A Monday Morning Memo from The Wizard of Ads
Not old enough to drive, I sit in the back seat and read billboards for 200 miles. What else can a fourteen year old kid do to pass the time? Outside my window, Hereford cattle stand behind barbed wire fences looking every bit as bored as I feel.
We’ve traveled less than 30 miles before I’m yawning and thinking, “Herefords all look alike and most billboards are just oversized yellow page ads.” But wait, what’s this? The crumpled hood of an old car leans against a barbed wire fence. Spray painted on the hood, a message, “Hamp Baker says Drive With Care.”
Who the heck is Hamp Baker?
Near Bristow, a wrecked ‘62 Chrysler sits in a pasture. Along its length, the message, “Hamp Baker says Drive With Care.” All the way from Tulsa to Ardmore, Hamp Baker expresses his concern for my well-being and I’m not the only one who notices. Within months, he’s a statewide mystery.
Later that year, I’m sitting in a folding chair in the school cafeteria, waiting for my mom to do her patriotic duty. I hear a woman laugh. A few minutes later, a man guffaws and I see that everyone who emerges from behind the curtain is smiling. When Mom comes out, she tells me that listed among the unknowns in the obscure race for corporation commissioner is our old traveling buddy, Hamp Baker. He wins by a landslide.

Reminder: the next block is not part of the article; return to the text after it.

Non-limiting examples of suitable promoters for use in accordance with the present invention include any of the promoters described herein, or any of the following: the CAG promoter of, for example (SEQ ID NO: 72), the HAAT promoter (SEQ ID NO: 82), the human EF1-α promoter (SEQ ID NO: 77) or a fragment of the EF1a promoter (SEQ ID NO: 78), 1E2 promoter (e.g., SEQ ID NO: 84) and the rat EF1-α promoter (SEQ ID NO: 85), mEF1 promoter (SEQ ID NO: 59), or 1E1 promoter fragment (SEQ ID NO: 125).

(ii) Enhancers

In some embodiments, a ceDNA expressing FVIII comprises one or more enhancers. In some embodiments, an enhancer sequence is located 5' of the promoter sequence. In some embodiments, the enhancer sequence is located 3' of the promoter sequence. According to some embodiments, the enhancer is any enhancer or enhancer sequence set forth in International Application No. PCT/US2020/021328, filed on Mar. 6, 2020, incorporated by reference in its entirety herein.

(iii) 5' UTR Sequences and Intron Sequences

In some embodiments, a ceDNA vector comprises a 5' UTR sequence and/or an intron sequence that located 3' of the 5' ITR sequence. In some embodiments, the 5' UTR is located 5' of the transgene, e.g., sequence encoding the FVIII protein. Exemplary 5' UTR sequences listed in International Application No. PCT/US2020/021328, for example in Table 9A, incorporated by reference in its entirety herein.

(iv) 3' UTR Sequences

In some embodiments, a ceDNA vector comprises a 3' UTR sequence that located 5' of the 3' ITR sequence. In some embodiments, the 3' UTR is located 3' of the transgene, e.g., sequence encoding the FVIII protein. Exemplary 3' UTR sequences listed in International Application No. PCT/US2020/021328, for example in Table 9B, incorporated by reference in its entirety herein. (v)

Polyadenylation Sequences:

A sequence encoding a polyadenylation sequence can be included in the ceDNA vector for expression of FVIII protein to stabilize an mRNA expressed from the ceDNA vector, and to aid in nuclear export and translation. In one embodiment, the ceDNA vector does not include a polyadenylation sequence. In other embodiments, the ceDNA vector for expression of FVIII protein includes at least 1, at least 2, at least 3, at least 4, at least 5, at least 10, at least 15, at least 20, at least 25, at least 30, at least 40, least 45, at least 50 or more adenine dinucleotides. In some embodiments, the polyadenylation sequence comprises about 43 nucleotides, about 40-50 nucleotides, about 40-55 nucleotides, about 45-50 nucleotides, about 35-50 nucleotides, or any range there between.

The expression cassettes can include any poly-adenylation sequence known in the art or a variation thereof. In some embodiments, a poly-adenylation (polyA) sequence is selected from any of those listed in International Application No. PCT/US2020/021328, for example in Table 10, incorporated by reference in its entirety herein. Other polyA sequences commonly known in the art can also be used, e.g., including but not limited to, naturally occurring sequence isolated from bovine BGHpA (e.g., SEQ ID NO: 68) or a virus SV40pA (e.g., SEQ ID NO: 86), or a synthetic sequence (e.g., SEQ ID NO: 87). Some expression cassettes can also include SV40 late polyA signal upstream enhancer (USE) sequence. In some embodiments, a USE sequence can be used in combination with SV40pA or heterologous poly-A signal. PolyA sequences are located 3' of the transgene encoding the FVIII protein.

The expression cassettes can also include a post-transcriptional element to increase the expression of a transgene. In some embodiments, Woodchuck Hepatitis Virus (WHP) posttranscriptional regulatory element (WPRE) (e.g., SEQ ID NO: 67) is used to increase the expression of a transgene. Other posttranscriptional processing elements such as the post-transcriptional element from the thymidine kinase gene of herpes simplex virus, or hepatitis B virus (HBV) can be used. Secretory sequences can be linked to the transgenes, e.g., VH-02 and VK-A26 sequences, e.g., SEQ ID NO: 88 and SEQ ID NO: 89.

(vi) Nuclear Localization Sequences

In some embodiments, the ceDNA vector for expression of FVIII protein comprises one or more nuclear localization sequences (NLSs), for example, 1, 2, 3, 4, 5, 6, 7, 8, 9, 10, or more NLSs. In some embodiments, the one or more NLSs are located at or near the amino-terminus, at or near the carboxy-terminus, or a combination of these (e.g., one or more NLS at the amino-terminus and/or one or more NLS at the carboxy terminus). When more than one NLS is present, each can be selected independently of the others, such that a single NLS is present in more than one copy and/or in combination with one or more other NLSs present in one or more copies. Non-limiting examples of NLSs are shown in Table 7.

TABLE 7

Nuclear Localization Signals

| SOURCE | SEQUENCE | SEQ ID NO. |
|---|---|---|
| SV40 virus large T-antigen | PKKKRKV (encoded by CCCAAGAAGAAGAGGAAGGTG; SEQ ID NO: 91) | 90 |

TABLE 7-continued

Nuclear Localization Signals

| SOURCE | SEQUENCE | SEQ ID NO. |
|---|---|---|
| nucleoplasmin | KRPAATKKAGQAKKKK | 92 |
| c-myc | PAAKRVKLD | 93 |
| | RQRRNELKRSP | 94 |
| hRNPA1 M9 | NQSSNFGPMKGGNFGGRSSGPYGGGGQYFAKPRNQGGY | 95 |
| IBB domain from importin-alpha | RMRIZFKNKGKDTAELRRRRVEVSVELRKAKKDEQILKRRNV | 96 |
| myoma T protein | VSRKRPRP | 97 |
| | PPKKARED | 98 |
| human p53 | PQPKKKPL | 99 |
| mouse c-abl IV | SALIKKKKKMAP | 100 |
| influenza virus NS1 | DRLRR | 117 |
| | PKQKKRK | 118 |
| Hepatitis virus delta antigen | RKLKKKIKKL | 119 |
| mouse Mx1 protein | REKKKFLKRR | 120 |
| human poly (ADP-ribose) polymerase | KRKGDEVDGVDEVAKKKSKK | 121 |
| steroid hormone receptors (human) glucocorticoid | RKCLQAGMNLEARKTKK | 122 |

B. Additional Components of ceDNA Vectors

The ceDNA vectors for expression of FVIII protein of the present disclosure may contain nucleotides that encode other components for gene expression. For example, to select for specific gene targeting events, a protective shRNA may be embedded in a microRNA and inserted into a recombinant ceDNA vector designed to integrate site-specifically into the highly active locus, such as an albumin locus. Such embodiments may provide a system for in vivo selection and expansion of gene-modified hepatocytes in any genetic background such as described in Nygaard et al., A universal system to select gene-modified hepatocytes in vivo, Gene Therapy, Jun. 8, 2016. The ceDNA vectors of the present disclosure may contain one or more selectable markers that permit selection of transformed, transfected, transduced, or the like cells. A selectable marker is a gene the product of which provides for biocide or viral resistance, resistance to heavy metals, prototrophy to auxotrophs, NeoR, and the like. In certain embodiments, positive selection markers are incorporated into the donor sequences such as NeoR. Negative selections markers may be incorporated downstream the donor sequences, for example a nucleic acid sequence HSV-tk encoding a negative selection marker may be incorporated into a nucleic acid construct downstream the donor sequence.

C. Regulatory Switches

Perhaps he just didn’t have the money to post billboards that said “Hamp Baker for Corporation Commissioner,” but I prefer to believe he was a marketing genius. I think Hamp Baker knew full well that no one really cared who served as corporation commissioner and that most voters would simply mark the name that “felt right.”
It’s been decades since Hamp Baker was elected, and not once in all those years have I spoken to anyone who ever actually met the man or knew anything at all about him. Yet thirty years after he spray-painted a few dozen cars with his message of warmth and concern, thousands of Oklahomans continue to smile whenever they hear his name. I believe Hamp Baker instinctively understood the power of associative memory; “Win the heart, and the mind will follow.” Who knows how high he might have climbed if he had set his sights a little higher?
Drive with care.
Roy H. Williams